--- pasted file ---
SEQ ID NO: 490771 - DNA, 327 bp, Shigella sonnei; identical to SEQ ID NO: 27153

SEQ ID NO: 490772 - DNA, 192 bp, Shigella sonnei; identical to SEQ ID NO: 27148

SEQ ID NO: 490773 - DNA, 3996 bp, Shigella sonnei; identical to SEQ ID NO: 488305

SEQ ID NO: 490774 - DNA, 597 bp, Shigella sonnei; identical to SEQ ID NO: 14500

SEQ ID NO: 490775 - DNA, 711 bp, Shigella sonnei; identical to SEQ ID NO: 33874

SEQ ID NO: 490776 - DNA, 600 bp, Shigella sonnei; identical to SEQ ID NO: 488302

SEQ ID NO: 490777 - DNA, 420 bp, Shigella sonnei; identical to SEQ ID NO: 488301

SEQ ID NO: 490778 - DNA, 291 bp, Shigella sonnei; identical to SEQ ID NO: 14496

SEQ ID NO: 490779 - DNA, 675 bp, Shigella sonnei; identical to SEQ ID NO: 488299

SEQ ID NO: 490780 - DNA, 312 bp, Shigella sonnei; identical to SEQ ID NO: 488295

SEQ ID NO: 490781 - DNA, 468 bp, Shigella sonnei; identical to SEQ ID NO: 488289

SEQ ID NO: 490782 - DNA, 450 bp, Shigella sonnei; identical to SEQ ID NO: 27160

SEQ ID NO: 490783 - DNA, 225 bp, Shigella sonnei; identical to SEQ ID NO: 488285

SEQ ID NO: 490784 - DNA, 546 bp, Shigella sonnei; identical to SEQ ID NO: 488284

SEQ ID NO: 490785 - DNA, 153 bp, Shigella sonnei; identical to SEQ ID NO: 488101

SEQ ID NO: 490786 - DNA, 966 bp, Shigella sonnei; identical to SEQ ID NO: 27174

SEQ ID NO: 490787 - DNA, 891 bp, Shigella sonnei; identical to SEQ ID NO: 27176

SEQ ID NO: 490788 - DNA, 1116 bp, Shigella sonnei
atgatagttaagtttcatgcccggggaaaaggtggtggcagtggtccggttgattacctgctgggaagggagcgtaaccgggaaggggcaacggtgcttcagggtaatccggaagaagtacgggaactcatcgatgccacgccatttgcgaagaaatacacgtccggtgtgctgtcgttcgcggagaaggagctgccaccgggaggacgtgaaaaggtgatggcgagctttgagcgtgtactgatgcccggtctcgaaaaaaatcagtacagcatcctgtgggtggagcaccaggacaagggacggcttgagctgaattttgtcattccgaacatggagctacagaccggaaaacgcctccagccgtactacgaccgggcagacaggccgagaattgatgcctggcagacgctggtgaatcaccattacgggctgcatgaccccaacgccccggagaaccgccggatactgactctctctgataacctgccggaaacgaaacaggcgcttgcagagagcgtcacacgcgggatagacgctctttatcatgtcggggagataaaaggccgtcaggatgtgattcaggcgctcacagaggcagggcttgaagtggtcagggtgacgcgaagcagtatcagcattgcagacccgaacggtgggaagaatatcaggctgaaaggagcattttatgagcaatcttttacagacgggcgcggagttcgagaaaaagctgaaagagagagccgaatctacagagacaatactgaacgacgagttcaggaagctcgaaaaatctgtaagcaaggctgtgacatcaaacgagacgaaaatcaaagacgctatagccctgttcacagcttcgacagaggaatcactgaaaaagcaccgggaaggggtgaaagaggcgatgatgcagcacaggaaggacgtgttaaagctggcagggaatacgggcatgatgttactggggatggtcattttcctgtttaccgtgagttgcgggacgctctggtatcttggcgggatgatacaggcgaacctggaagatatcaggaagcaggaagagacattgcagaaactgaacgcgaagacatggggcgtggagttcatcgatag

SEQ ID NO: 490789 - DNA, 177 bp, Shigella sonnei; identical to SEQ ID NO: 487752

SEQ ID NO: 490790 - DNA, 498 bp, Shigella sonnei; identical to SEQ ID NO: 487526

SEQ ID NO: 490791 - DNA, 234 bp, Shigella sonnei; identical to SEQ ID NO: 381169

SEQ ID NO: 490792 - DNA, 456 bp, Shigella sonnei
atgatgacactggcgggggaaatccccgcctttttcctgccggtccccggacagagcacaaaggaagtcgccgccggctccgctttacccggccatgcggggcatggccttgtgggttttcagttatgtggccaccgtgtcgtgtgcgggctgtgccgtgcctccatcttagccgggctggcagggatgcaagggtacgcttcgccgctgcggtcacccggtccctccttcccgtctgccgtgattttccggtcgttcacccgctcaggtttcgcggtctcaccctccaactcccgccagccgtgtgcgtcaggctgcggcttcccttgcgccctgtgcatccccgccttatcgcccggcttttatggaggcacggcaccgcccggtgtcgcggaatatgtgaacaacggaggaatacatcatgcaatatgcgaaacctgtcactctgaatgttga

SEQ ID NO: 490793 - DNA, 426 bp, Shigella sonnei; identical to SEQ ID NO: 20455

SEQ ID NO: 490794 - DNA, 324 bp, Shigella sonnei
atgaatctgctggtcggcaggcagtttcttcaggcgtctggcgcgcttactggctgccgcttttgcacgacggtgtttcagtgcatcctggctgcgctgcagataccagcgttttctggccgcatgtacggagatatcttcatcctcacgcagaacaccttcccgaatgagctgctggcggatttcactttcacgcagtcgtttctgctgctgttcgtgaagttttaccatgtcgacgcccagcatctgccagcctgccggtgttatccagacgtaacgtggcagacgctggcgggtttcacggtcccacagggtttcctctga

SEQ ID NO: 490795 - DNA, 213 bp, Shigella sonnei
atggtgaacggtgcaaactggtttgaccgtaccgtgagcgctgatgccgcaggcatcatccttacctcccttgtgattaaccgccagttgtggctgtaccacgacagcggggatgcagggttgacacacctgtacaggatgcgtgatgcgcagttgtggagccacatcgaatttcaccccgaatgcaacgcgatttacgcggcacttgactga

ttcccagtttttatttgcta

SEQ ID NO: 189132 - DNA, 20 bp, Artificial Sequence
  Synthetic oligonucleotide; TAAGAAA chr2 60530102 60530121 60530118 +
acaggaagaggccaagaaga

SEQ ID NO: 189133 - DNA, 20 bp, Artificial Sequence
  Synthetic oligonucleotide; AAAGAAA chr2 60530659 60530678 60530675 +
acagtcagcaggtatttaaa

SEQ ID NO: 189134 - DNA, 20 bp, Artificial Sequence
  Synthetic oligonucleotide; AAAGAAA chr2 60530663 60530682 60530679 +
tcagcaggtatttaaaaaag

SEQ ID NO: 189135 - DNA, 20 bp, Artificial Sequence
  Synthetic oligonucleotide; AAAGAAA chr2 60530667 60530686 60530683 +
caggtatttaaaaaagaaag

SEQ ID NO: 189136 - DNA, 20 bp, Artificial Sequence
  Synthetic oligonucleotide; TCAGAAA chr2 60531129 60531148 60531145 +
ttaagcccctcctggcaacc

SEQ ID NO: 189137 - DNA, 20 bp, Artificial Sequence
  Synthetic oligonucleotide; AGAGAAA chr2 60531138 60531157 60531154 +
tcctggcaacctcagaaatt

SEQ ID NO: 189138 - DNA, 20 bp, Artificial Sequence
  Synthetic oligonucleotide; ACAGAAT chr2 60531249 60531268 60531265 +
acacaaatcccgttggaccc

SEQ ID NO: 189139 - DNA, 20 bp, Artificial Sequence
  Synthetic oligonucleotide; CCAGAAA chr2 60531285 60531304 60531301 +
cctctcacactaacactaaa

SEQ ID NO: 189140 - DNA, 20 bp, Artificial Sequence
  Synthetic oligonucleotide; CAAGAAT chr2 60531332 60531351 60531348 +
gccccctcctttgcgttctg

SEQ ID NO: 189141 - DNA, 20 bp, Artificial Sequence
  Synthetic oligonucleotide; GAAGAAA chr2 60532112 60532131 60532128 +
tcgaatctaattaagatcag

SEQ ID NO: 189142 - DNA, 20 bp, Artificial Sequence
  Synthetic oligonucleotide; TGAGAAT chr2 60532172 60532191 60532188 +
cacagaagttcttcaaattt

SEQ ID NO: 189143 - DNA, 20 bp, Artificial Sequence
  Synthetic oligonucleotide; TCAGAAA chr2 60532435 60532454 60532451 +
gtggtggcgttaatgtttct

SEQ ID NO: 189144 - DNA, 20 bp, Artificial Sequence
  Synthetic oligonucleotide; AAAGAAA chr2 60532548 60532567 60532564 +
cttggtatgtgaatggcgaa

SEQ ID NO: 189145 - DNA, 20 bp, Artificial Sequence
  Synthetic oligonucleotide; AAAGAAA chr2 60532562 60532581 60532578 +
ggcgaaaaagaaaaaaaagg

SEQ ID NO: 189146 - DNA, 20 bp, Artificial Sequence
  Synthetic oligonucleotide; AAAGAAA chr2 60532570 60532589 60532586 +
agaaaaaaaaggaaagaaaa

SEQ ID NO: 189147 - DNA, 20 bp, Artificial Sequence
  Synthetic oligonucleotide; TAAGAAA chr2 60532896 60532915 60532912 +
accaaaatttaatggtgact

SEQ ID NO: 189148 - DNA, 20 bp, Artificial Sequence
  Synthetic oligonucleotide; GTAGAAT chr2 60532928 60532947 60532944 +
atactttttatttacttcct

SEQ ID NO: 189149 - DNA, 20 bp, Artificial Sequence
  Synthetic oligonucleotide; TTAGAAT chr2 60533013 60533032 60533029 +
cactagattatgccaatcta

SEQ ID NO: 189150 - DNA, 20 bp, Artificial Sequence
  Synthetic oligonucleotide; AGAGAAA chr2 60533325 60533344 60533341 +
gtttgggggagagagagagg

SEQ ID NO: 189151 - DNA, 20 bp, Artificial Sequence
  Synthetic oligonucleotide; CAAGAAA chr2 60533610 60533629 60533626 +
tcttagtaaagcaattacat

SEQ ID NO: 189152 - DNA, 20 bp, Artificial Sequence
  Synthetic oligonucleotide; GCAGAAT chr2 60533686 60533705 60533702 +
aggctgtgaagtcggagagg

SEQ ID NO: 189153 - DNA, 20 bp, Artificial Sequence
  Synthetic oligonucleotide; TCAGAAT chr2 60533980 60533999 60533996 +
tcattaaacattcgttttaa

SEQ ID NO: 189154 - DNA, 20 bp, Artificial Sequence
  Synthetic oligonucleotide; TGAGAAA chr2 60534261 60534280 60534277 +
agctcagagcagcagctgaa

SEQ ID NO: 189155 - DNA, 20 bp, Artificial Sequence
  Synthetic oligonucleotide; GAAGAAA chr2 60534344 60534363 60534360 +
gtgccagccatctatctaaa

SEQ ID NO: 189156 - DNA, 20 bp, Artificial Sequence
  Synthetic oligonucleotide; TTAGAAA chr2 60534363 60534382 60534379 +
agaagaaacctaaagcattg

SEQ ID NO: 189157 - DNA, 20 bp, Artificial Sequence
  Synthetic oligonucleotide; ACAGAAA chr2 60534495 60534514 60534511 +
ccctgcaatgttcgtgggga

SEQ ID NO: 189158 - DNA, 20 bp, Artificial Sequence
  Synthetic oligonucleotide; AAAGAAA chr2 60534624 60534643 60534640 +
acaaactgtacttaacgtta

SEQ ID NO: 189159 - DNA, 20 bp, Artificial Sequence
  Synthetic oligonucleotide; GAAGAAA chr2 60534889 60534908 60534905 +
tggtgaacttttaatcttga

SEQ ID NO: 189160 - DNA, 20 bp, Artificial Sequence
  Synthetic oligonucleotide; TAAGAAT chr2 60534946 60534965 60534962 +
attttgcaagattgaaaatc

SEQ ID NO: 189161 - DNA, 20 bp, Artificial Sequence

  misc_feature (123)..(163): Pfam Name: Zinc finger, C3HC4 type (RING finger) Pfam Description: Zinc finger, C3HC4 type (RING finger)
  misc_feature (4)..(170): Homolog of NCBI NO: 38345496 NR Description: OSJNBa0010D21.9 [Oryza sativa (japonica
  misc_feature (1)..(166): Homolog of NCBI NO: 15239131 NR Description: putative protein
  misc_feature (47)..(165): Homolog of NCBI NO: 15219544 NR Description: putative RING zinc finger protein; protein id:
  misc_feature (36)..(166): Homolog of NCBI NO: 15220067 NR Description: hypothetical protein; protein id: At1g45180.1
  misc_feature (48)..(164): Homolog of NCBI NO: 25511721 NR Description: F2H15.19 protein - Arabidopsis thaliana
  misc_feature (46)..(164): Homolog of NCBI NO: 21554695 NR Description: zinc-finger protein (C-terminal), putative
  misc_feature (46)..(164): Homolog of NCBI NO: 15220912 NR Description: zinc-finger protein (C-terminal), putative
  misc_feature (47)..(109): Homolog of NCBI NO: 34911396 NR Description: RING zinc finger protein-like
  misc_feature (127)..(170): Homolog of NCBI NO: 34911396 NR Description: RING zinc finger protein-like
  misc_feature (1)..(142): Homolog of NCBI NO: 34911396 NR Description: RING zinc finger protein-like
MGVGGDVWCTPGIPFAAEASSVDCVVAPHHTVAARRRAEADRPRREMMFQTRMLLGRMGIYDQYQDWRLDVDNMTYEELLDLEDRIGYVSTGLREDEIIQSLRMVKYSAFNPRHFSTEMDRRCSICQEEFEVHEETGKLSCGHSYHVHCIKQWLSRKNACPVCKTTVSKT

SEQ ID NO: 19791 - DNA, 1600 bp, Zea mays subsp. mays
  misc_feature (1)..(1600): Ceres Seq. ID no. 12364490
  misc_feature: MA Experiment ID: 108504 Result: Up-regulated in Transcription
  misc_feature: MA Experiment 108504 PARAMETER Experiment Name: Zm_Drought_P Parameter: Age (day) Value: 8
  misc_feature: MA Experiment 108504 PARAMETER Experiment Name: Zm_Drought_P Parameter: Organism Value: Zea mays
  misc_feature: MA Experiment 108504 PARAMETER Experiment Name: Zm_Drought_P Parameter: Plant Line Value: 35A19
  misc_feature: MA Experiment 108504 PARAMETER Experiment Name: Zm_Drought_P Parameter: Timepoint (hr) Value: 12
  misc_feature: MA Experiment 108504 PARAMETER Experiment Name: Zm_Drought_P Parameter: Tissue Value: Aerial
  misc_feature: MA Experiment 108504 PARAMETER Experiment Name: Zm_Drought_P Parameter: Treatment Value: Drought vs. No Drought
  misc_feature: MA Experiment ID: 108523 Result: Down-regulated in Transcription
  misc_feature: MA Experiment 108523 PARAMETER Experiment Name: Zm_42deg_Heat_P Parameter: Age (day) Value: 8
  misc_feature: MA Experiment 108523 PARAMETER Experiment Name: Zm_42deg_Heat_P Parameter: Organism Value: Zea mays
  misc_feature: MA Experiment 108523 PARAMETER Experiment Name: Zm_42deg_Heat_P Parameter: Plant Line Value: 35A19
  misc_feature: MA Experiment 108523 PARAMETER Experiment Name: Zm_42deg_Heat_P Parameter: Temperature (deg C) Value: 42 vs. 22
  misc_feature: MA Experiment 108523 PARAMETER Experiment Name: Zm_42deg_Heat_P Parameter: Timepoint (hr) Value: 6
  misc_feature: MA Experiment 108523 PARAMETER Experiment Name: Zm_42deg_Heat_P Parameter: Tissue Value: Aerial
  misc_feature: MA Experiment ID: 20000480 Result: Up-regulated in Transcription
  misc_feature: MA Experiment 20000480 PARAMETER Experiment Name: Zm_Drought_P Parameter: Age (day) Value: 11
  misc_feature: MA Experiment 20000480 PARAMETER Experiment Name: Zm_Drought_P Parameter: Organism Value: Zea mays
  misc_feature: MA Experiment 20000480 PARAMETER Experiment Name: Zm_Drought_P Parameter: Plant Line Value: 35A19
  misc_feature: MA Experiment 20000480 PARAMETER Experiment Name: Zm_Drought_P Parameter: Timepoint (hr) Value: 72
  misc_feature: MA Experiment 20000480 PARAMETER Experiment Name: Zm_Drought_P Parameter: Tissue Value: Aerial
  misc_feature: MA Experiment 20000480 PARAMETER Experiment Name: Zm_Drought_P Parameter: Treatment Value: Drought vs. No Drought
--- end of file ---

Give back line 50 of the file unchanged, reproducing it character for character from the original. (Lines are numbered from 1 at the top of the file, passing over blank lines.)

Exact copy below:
  Synthetic oligonucleotide; ACAGAAT chr2 60531249 60531268 60531265 +